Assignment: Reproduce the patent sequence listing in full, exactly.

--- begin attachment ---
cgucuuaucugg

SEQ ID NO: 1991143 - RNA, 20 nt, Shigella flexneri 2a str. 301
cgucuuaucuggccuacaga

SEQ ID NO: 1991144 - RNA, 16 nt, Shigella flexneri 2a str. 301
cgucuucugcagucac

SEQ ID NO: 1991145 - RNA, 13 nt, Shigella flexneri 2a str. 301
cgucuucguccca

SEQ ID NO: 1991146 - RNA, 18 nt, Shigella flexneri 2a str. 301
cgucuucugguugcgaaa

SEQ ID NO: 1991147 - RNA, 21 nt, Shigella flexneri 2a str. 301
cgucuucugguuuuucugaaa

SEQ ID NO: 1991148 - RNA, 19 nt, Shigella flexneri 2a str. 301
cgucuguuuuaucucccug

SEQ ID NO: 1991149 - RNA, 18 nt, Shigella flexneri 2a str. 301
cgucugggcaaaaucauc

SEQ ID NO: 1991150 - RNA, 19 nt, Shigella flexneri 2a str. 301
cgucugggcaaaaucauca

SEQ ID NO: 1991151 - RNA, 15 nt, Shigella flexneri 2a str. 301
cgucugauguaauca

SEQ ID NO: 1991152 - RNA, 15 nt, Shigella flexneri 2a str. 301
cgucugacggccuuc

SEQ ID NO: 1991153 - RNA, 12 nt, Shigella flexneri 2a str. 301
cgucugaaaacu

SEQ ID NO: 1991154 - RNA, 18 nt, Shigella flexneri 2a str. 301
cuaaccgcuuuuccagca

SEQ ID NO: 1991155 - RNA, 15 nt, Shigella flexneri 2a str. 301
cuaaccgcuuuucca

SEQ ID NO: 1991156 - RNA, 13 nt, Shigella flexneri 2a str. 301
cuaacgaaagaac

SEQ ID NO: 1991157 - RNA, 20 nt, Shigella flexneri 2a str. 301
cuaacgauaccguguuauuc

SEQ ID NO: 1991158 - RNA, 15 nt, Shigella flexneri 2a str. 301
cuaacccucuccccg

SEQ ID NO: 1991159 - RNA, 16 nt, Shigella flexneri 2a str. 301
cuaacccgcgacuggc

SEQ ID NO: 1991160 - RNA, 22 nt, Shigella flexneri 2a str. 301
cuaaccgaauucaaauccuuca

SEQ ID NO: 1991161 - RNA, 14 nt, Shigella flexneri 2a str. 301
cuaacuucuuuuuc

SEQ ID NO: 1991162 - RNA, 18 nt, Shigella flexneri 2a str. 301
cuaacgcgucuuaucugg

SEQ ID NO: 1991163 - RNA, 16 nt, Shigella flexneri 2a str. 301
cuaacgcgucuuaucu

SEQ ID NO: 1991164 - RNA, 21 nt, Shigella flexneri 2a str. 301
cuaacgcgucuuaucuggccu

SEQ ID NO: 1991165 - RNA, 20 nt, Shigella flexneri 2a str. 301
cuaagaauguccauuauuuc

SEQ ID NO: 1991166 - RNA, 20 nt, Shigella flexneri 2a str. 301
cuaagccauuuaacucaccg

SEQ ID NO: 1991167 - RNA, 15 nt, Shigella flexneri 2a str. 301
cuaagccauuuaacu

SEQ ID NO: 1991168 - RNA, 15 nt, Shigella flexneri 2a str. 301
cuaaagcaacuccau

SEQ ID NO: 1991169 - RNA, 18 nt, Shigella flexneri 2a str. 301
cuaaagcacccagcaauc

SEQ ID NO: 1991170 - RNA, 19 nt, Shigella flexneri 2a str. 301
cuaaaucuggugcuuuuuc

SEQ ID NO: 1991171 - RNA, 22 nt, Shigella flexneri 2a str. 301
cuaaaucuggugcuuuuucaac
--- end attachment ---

cgucuuaucugg

SEQ ID NO: 1991143 - RNA, 20 nt, Shigella flexneri 2a str. 301
cgucuuaucuggccuacaga

SEQ ID NO: 1991144 - RNA, 16 nt, Shigella flexneri 2a str. 301
cgucuucugcagucac

SEQ ID NO: 1991145 - RNA, 13 nt, Shigella flexneri 2a str. 301
cgucuucguccca

SEQ ID NO: 1991146 - RNA, 18 nt, Shigella flexneri 2a str. 301
cgucuucugguugcgaaa

SEQ ID NO: 1991147 - RNA, 21 nt, Shigella flexneri 2a str. 301
cgucuucugguuuuucugaaa

SEQ ID NO: 1991148 - RNA, 19 nt, Shigella flexneri 2a str. 301
cgucuguuuuaucucccug

SEQ ID NO: 1991149 - RNA, 18 nt, Shigella flexneri 2a str. 301
cgucugggcaaaaucauc

SEQ ID NO: 1991150 - RNA, 19 nt, Shigella flexneri 2a str. 301
cgucugggcaaaaucauca

SEQ ID NO: 1991151 - RNA, 15 nt, Shigella flexneri 2a str. 301
cgucugauguaauca

SEQ ID NO: 1991152 - RNA, 15 nt, Shigella flexneri 2a str. 301
cgucugacggccuuc

SEQ ID NO: 1991153 - RNA, 12 nt, Shigella flexneri 2a str. 301
cgucugaaaacu

SEQ ID NO: 1991154 - RNA, 18 nt, Shigella flexneri 2a str. 301
cuaaccgcuuuuccagca

SEQ ID NO: 1991155 - RNA, 15 nt, Shigella flexneri 2a str. 301
cuaaccgcuuuucca

SEQ ID NO: 1991156 - RNA, 13 nt, Shigella flexneri 2a str. 301
cuaacgaaagaac

SEQ ID NO: 1991157 - RNA, 20 nt, Shigella flexneri 2a str. 301
cuaacgauaccguguuauuc

SEQ ID NO: 1991158 - RNA, 15 nt, Shigella flexneri 2a str. 301
cuaacccucuccccg

SEQ ID NO: 1991159 - RNA, 16 nt, Shigella flexneri 2a str. 301
cuaacccgcgacuggc

SEQ ID NO: 1991160 - RNA, 22 nt, Shigella flexneri 2a str. 301
cuaaccgaauucaaauccuuca

SEQ ID NO: 1991161 - RNA, 14 nt, Shigella flexneri 2a str. 301
cuaacuucuuuuuc

SEQ ID NO: 1991162 - RNA, 18 nt, Shigella flexneri 2a str. 301
cuaacgcgucuuaucugg

SEQ ID NO: 1991163 - RNA, 16 nt, Shigella flexneri 2a str. 301
cuaacgcgucuuaucu

SEQ ID NO: 1991164 - RNA, 21 nt, Shigella flexneri 2a str. 301
cuaacgcgucuuaucuggccu

SEQ ID NO: 1991165 - RNA, 20 nt, Shigella flexneri 2a str. 301
cuaagaauguccauuauuuc

SEQ ID NO: 1991166 - RNA, 20 nt, Shigella flexneri 2a str. 301
cuaagccauuuaacucaccg

SEQ ID NO: 1991167 - RNA, 15 nt, Shigella flexneri 2a str. 301
cuaagccauuuaacu

SEQ ID NO: 1991168 - RNA, 15 nt, Shigella flexneri 2a str. 301
cuaaagcaacuccau

SEQ ID NO: 1991169 - RNA, 18 nt, Shigella flexneri 2a str. 301
cuaaagcacccagcaauc

SEQ ID NO: 1991170 - RNA, 19 nt, Shigella flexneri 2a str. 301
cuaaaucuggugcuuuuuc

SEQ ID NO: 1991171 - RNA, 22 nt, Shigella flexneri 2a str. 301
cuaaaucuggugcuuuuucaac